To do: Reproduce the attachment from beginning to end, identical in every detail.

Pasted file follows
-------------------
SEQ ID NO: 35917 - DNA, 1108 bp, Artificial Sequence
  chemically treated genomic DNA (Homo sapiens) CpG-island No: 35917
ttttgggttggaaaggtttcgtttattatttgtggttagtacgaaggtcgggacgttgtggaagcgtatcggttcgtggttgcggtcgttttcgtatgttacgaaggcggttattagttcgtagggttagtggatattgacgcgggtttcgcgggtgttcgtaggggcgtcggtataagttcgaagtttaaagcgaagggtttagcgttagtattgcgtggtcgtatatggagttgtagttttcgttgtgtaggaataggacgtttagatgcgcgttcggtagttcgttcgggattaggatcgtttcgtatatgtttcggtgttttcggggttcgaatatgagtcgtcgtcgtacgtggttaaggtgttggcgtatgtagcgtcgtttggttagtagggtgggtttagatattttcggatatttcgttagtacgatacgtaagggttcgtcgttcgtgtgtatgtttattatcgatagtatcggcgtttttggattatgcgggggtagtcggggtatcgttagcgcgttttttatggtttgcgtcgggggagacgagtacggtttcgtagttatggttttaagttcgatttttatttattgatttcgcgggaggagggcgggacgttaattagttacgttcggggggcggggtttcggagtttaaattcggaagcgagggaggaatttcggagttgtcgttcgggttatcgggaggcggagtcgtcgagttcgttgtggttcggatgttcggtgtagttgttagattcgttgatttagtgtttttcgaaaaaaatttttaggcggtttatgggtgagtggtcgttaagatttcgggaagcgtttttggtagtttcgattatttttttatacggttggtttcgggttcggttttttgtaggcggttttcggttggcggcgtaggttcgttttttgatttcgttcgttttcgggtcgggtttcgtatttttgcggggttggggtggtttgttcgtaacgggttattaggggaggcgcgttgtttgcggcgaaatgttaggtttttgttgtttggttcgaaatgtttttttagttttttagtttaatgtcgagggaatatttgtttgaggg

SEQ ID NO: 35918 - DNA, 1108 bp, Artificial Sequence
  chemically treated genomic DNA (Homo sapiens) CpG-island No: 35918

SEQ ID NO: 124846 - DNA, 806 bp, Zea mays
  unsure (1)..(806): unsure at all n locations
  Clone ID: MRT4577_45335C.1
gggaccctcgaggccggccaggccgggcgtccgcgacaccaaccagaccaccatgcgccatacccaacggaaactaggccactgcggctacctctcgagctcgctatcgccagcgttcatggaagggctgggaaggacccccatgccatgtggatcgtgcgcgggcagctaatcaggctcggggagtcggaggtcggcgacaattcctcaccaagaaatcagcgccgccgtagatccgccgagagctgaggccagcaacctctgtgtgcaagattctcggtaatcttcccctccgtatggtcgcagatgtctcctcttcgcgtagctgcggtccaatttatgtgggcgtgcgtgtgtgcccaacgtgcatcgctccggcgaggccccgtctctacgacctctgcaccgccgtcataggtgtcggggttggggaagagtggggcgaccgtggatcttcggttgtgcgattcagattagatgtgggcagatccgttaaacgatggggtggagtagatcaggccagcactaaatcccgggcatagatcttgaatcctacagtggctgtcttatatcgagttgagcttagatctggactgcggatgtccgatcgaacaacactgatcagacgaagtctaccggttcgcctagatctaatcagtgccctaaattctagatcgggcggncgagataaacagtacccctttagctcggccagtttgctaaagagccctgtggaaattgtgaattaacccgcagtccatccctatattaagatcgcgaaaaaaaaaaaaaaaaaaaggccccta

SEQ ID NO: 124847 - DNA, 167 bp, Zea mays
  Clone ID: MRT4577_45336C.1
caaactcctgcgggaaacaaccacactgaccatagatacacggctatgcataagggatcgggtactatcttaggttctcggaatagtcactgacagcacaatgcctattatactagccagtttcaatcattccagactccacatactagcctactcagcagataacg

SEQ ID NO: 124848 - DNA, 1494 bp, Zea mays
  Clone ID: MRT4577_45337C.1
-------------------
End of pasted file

SEQ ID NO: 35917 - DNA, 1108 bp, Artificial Sequence
  chemically treated genomic DNA (Homo sapiens) CpG-island No: 35917
ttttgggttggaaaggtttcgtttattatttgtggttagtacgaaggtcgggacgttgtggaagcgtatcggttcgtggttgcggtcgttttcgtatgttacgaaggcggttattagttcgtagggttagtggatattgacgcgggtttcgcgggtgttcgtaggggcgtcggtataagttcgaagtttaaagcgaagggtttagcgttagtattgcgtggtcgtatatggagttgtagttttcgttgtgtaggaataggacgtttagatgcgcgttcggtagttcgttcgggattaggatcgtttcgtatatgtttcggtgttttcggggttcgaatatgagtcgtcgtcgtacgtggttaaggtgttggcgtatgtagcgtcgtttggttagtagggtgggtttagatattttcggatatttcgttagtacgatacgtaagggttcgtcgttcgtgtgtatgtttattatcgatagtatcggcgtttttggattatgcgggggtagtcggggtatcgttagcgcgttttttatggtttgcgtcgggggagacgagtacggtttcgtagttatggttttaagttcgatttttatttattgatttcgcgggaggagggcgggacgttaattagttacgttcggggggcggggtttcggagtttaaattcggaagcgagggaggaatttcggagttgtcgttcgggttatcgggaggcggagtcgtcgagttcgttgtggttcggatgttcggtgtagttgttagattcgttgatttagtgtttttcgaaaaaaatttttaggcggtttatgggtgagtggtcgttaagatttcgggaagcgtttttggtagtttcgattatttttttatacggttggtttcgggttcggttttttgtaggcggttttcggttggcggcgtaggttcgttttttgatttcgttcgttttcgggtcgggtttcgtatttttgcggggttggggtggtttgttcgtaacgggttattaggggaggcgcgttgtttgcggcgaaatgttaggtttttgttgtttggttcgaaatgtttttttagttttttagtttaatgtcgagggaatatttgtttgaggg

SEQ ID NO: 35918 - DNA, 1108 bp, Artificial Sequence
  chemically treated genomic DNA (Homo sapiens) CpG-island No: 35918

SEQ ID NO: 124846 - DNA, 806 bp, Zea mays
  unsure (1)..(806): unsure at all n locations
  Clone ID: MRT4577_45335C.1
gggaccctcgaggccggccaggccgggcgtccgcgacaccaaccagaccaccatgcgccatacccaacggaaactaggccactgcggctacctctcgagctcgctatcgccagcgttcatggaagggctgggaaggacccccatgccatgtggatcgtgcgcgggcagctaatcaggctcggggagtcggaggtcggcgacaattcctcaccaagaaatcagcgccgccgtagatccgccgagagctgaggccagcaacctctgtgtgcaagattctcggtaatcttcccctccgtatggtcgcagatgtctcctcttcgcgtagctgcggtccaatttatgtgggcgtgcgtgtgtgcccaacgtgcatcgctccggcgaggccccgtctctacgacctctgcaccgccgtcataggtgtcggggttggggaagagtggggcgaccgtggatcttcggttgtgcgattcagattagatgtgggcagatccgttaaacgatggggtggagtagatcaggccagcactaaatcccgggcatagatcttgaatcctacagtggctgtcttatatcgagttgagcttagatctggactgcggatgtccgatcgaacaacactgatcagacgaagtctaccggttcgcctagatctaatcagtgccctaaattctagatcgggcggncgagataaacagtacccctttagctcggccagtttgctaaagagccctgtggaaattgtgaattaacccgcagtccatccctatattaagatcgcgaaaaaaaaaaaaaaaaaaaggccccta

SEQ ID NO: 124847 - DNA, 167 bp, Zea mays
  Clone ID: MRT4577_45336C.1
caaactcctgcgggaaacaaccacactgaccatagatacacggctatgcataagggatcgggtactatcttaggttctcggaatagtcactgacagcacaatgcctattatactagccagtttcaatcattccagactccacatactagcctactcagcagataacg

SEQ ID NO: 124848 - DNA, 1494 bp, Zea mays
  Clone ID: MRT4577_45337C.1